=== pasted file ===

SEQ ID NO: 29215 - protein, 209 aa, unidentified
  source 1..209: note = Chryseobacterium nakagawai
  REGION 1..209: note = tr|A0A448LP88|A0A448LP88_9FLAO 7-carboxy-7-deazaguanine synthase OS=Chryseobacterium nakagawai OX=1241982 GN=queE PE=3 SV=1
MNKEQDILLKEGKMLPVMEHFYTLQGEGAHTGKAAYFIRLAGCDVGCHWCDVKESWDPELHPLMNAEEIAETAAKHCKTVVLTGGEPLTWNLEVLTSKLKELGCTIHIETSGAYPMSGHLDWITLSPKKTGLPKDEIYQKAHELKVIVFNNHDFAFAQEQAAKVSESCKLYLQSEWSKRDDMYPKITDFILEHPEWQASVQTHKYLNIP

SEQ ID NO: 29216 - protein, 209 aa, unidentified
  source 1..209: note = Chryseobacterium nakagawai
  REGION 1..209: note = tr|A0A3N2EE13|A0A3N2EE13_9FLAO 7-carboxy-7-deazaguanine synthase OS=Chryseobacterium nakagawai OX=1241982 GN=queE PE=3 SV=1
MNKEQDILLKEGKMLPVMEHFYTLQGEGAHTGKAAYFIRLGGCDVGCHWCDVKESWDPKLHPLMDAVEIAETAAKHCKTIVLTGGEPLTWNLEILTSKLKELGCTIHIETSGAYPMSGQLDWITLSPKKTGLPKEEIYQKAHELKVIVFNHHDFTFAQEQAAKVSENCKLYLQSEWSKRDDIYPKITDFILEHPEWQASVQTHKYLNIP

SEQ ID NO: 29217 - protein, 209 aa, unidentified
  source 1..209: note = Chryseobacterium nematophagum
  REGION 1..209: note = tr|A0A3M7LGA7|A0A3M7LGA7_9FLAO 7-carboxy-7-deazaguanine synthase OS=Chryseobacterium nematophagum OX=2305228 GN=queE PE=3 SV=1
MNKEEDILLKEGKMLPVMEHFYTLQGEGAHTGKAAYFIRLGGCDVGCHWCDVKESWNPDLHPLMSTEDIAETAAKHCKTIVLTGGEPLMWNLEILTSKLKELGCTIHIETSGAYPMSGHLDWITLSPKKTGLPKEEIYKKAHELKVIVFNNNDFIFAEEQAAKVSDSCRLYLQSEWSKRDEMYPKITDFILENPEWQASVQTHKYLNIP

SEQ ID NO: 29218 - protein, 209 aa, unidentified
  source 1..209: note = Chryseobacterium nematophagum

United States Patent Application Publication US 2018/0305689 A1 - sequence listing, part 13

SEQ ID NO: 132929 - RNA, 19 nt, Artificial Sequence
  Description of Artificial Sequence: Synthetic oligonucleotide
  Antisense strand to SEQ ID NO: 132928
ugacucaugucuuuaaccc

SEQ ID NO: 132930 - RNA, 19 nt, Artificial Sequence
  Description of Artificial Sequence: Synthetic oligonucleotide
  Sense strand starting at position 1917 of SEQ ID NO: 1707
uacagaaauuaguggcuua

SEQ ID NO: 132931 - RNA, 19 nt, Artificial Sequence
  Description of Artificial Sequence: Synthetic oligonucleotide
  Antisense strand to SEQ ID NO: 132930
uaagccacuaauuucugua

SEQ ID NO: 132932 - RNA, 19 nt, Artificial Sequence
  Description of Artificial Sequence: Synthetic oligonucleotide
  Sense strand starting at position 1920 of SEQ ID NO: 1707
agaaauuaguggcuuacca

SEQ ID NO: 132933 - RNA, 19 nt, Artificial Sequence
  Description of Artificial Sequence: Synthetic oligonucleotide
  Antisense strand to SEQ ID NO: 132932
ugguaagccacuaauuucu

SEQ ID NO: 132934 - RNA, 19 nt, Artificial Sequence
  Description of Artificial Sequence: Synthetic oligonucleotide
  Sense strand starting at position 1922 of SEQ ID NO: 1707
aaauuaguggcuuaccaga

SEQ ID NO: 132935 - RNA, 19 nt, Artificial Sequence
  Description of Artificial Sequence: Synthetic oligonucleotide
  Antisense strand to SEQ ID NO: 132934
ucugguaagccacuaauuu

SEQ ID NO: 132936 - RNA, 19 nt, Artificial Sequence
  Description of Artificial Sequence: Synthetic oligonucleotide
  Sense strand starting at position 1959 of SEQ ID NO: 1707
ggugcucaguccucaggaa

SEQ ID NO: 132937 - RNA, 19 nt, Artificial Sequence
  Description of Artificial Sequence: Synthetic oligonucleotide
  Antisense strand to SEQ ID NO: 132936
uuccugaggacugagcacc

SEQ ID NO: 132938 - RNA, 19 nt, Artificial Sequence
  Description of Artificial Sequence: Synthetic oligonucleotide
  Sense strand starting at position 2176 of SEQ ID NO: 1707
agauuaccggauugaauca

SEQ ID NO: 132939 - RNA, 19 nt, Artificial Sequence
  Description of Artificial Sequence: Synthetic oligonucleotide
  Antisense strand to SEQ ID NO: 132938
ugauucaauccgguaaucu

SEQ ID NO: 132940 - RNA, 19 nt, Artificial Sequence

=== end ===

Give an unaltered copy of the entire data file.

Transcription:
SEQ ID NO: 29215 - protein, 209 aa, unidentified
  source 1..209: note = Chryseobacterium nakagawai
  REGION 1..209: note = tr|A0A448LP88|A0A448LP88_9FLAO 7-carboxy-7-deazaguanine synthase OS=Chryseobacterium nakagawai OX=1241982 GN=queE PE=3 SV=1
MNKEQDILLKEGKMLPVMEHFYTLQGEGAHTGKAAYFIRLAGCDVGCHWCDVKESWDPELHPLMNAEEIAETAAKHCKTVVLTGGEPLTWNLEVLTSKLKELGCTIHIETSGAYPMSGHLDWITLSPKKTGLPKDEIYQKAHELKVIVFNNHDFAFAQEQAAKVSESCKLYLQSEWSKRDDMYPKITDFILEHPEWQASVQTHKYLNIP

SEQ ID NO: 29216 - protein, 209 aa, unidentified
  source 1..209: note = Chryseobacterium nakagawai
  REGION 1..209: note = tr|A0A3N2EE13|A0A3N2EE13_9FLAO 7-carboxy-7-deazaguanine synthase OS=Chryseobacterium nakagawai OX=1241982 GN=queE PE=3 SV=1
MNKEQDILLKEGKMLPVMEHFYTLQGEGAHTGKAAYFIRLGGCDVGCHWCDVKESWDPKLHPLMDAVEIAETAAKHCKTIVLTGGEPLTWNLEILTSKLKELGCTIHIETSGAYPMSGQLDWITLSPKKTGLPKEEIYQKAHELKVIVFNHHDFTFAQEQAAKVSENCKLYLQSEWSKRDDIYPKITDFILEHPEWQASVQTHKYLNIP

SEQ ID NO: 29217 - protein, 209 aa, unidentified
  source 1..209: note = Chryseobacterium nematophagum
  REGION 1..209: note = tr|A0A3M7LGA7|A0A3M7LGA7_9FLAO 7-carboxy-7-deazaguanine synthase OS=Chryseobacterium nematophagum OX=2305228 GN=queE PE=3 SV=1
MNKEEDILLKEGKMLPVMEHFYTLQGEGAHTGKAAYFIRLGGCDVGCHWCDVKESWNPDLHPLMSTEDIAETAAKHCKTIVLTGGEPLMWNLEILTSKLKELGCTIHIETSGAYPMSGHLDWITLSPKKTGLPKEEIYKKAHELKVIVFNNNDFIFAEEQAAKVSDSCRLYLQSEWSKRDEMYPKITDFILENPEWQASVQTHKYLNIP

SEQ ID NO: 29218 - protein, 209 aa, unidentified
  source 1..209: note = Chryseobacterium nematophagum

United States Patent Application Publication US 2018/0305689 A1 - sequence listing, part 13

SEQ ID NO: 132929 - RNA, 19 nt, Artificial Sequence
  Description of Artificial Sequence: Synthetic oligonucleotide
  Antisense strand to SEQ ID NO: 132928
ugacucaugucuuuaaccc

SEQ ID NO: 132930 - RNA, 19 nt, Artificial Sequence
  Description of Artificial Sequence: Synthetic oligonucleotide
  Sense strand starting at position 1917 of SEQ ID NO: 1707
uacagaaauuaguggcuua

SEQ ID NO: 132931 - RNA, 19 nt, Artificial Sequence
  Description of Artificial Sequence: Synthetic oligonucleotide
  Antisense strand to SEQ ID NO: 132930
uaagccacuaauuucugua

SEQ ID NO: 132932 - RNA, 19 nt, Artificial Sequence
  Description of Artificial Sequence: Synthetic oligonucleotide
  Sense strand starting at position 1920 of SEQ ID NO: 1707
agaaauuaguggcuuacca

SEQ ID NO: 132933 - RNA, 19 nt, Artificial Sequence
  Description of Artificial Sequence: Synthetic oligonucleotide
  Antisense strand to SEQ ID NO: 132932
ugguaagccacuaauuucu

SEQ ID NO: 132934 - RNA, 19 nt, Artificial Sequence
  Description of Artificial Sequence: Synthetic oligonucleotide
  Sense strand starting at position 1922 of SEQ ID NO: 1707
aaauuaguggcuuaccaga

SEQ ID NO: 132935 - RNA, 19 nt, Artificial Sequence
  Description of Artificial Sequence: Synthetic oligonucleotide
  Antisense strand to SEQ ID NO: 132934
ucugguaagccacuaauuu

SEQ ID NO: 132936 - RNA, 19 nt, Artificial Sequence
  Description of Artificial Sequence: Synthetic oligonucleotide
  Sense strand starting at position 1959 of SEQ ID NO: 1707
ggugcucaguccucaggaa

SEQ ID NO: 132937 - RNA, 19 nt, Artificial Sequence
  Description of Artificial Sequence: Synthetic oligonucleotide
  Antisense strand to SEQ ID NO: 132936
uuccugaggacugagcacc

SEQ ID NO: 132938 - RNA, 19 nt, Artificial Sequence
  Description of Artificial Sequence: Synthetic oligonucleotide
  Sense strand starting at position 2176 of SEQ ID NO: 1707
agauuaccggauugaauca

SEQ ID NO: 132939 - RNA, 19 nt, Artificial Sequence
  Description of Artificial Sequence: Synthetic oligonucleotide
  Antisense strand to SEQ ID NO: 132938
ugauucaauccgguaaucu

SEQ ID NO: 132940 - RNA, 19 nt, Artificial Sequence